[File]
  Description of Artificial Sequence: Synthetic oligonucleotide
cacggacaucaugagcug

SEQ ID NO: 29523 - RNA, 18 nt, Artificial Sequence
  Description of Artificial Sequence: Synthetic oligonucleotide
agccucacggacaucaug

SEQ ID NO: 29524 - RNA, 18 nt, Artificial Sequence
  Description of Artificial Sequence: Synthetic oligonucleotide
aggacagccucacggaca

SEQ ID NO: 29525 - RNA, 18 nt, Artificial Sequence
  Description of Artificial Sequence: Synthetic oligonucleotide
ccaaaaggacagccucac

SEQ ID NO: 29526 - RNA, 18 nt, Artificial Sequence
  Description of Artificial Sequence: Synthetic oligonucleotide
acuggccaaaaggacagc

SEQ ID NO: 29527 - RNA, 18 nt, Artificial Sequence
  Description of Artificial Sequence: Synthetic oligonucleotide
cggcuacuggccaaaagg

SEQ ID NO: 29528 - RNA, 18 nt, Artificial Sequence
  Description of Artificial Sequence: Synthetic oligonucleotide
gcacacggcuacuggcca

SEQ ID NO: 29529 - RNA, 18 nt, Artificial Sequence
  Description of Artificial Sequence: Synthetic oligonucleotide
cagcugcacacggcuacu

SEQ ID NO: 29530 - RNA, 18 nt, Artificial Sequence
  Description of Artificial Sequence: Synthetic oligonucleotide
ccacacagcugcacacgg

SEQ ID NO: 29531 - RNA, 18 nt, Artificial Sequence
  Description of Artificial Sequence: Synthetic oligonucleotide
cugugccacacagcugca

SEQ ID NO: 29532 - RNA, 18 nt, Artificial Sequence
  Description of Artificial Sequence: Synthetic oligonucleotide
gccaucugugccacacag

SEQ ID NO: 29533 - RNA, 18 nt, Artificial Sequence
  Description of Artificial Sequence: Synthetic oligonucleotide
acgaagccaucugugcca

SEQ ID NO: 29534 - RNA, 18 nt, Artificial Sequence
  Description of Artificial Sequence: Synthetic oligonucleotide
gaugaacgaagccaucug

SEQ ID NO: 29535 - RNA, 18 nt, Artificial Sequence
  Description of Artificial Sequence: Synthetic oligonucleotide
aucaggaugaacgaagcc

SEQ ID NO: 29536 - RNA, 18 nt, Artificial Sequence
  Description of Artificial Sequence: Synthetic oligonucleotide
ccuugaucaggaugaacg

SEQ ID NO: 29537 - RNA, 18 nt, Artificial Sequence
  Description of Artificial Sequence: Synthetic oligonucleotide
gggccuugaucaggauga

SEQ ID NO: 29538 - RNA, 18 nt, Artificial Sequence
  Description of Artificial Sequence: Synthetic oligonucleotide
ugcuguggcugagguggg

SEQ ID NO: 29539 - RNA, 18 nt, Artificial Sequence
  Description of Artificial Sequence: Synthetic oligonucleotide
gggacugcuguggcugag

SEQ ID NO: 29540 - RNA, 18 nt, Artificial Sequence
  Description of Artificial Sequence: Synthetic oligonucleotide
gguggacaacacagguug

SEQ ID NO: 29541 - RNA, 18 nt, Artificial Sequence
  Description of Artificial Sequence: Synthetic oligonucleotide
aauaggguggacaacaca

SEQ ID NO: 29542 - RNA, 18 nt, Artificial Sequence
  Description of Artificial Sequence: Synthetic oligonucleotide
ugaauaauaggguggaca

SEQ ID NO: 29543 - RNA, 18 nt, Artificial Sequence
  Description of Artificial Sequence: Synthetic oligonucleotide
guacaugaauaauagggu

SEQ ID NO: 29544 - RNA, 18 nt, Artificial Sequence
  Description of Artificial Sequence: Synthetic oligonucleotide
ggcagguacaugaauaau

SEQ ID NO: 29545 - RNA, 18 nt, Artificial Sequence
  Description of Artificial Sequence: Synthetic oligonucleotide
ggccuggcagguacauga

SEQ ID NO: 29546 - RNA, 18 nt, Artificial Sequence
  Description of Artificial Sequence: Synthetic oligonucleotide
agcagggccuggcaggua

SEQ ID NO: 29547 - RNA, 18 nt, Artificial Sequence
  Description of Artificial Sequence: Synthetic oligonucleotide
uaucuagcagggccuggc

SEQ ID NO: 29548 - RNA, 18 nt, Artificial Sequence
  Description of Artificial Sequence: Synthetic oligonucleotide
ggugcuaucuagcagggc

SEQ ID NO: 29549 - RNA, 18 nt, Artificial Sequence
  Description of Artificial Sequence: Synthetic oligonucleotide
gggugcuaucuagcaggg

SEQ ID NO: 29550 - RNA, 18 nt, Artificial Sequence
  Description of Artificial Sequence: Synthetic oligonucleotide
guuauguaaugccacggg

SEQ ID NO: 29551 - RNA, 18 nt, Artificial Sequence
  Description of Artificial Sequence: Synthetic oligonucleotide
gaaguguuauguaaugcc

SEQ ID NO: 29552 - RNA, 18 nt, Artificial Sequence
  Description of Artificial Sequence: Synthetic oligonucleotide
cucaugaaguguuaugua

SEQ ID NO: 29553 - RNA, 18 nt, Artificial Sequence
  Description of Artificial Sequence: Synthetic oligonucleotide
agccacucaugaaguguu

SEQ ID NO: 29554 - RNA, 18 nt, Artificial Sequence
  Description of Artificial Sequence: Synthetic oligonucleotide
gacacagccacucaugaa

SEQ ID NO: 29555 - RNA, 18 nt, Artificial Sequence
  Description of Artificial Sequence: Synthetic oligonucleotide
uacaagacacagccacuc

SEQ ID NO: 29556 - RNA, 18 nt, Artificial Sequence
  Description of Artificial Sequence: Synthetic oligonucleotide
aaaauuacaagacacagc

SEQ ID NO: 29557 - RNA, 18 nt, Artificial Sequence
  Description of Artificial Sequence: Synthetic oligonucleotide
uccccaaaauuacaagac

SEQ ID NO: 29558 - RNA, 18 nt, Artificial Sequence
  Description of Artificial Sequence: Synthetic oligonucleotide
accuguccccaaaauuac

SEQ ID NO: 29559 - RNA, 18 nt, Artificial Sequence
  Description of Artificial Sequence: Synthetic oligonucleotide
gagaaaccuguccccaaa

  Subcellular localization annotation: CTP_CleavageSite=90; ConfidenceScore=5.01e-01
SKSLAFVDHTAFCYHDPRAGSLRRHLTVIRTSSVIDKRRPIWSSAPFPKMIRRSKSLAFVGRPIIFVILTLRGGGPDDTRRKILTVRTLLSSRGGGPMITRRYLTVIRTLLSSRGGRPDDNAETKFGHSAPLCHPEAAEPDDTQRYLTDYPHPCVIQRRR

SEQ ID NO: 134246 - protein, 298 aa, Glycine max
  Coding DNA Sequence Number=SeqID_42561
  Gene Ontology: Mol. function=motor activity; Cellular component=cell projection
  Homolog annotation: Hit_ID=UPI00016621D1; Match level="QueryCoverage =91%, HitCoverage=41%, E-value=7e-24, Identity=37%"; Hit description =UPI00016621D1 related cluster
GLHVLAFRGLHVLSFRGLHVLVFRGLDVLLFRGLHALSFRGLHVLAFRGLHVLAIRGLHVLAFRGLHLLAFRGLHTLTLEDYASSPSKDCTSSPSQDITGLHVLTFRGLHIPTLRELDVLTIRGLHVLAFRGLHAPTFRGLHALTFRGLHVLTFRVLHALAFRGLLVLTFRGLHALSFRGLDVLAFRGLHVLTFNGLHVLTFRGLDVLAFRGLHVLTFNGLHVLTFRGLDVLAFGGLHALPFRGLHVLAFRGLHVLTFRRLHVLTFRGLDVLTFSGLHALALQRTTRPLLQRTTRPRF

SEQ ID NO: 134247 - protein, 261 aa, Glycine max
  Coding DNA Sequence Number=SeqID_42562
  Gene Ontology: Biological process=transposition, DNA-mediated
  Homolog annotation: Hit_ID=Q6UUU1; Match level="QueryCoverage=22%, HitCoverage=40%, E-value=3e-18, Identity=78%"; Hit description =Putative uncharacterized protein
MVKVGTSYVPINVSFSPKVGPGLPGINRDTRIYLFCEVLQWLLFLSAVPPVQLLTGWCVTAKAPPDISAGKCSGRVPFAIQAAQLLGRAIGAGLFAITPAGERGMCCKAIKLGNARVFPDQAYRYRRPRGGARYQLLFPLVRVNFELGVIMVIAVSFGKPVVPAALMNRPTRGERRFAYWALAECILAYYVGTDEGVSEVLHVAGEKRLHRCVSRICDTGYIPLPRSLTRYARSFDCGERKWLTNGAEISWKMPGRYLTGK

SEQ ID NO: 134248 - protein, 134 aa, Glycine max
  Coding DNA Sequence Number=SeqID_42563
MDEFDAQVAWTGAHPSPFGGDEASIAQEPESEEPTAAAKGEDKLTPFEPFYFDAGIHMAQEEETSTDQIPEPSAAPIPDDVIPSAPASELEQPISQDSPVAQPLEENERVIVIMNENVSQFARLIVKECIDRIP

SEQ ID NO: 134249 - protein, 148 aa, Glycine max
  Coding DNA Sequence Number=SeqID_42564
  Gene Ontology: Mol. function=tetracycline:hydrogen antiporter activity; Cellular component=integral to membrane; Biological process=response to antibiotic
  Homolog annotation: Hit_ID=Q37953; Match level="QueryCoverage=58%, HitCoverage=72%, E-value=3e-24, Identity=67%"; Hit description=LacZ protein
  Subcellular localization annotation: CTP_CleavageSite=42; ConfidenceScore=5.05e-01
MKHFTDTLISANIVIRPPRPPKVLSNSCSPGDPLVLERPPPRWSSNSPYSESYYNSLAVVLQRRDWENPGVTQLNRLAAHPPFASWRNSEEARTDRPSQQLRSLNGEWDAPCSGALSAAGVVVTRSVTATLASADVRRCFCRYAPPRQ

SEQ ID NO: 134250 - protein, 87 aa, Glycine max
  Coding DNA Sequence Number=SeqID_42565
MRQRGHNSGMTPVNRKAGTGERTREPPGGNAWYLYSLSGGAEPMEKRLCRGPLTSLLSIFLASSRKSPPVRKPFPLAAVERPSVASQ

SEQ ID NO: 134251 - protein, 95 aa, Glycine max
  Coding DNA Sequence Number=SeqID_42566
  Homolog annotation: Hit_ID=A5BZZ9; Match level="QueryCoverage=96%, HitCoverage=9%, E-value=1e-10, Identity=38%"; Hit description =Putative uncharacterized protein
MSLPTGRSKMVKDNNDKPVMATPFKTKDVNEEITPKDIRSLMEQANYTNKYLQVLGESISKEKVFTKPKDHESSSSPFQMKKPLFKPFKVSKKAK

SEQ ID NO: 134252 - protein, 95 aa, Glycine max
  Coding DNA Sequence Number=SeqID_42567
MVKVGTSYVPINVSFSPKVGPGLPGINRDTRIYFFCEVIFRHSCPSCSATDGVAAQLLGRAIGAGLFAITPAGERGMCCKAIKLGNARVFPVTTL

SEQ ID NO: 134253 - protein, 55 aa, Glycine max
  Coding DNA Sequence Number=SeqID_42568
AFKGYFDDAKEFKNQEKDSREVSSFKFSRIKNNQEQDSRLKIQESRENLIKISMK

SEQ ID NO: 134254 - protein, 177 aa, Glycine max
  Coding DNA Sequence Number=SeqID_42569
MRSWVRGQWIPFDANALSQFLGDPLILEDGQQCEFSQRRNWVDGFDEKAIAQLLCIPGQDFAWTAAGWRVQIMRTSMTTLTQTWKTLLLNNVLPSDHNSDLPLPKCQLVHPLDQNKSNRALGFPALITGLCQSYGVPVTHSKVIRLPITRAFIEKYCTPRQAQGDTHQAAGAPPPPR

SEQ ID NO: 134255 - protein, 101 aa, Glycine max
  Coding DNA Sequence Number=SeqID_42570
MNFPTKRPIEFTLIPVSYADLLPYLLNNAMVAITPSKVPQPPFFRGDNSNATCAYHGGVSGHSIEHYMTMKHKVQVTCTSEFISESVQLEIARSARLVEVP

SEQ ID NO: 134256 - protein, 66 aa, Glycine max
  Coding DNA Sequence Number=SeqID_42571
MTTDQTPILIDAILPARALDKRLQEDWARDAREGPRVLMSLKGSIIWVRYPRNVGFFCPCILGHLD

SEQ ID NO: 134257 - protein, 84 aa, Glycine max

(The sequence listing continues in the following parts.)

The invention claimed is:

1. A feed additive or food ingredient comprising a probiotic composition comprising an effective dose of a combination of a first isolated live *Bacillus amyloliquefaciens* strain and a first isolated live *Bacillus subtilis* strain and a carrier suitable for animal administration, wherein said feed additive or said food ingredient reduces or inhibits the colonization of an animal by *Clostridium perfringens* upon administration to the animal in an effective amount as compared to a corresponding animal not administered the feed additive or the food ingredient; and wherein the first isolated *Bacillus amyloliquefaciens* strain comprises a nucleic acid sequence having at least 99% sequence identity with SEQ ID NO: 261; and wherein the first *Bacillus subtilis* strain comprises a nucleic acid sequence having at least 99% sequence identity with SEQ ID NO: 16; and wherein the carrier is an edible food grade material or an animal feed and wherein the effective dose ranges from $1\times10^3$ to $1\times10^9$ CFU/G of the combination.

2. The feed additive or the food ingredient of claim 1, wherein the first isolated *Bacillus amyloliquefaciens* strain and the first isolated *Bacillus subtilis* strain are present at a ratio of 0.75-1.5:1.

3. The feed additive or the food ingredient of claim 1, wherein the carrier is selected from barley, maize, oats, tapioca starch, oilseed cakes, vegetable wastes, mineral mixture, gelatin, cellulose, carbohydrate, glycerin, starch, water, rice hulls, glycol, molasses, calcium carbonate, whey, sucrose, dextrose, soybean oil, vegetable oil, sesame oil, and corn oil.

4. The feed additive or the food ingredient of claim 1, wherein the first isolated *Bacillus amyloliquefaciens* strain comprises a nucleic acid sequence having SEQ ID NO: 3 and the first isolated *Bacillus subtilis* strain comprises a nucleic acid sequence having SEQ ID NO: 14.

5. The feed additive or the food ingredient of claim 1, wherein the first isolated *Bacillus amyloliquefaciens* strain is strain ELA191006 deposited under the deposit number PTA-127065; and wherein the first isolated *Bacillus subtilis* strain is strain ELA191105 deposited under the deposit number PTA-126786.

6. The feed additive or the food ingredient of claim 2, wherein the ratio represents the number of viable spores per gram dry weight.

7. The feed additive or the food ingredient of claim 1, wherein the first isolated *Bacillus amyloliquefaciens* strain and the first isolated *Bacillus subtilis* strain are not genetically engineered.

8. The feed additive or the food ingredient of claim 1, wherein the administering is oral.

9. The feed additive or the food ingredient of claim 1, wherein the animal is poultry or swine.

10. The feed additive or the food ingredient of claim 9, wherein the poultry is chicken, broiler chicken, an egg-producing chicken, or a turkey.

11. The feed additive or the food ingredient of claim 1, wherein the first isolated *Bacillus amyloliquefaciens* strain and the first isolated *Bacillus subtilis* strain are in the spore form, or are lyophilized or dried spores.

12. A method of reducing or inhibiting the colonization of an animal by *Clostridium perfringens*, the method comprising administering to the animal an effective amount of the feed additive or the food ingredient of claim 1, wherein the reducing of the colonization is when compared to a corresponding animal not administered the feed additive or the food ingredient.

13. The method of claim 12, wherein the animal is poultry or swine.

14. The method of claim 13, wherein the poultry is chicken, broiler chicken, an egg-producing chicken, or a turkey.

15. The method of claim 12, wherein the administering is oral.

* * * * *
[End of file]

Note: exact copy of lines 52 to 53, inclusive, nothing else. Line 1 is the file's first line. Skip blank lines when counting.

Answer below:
  Description of Artificial Sequence: Synthetic oligonucleotide
gggacugcuguggcugag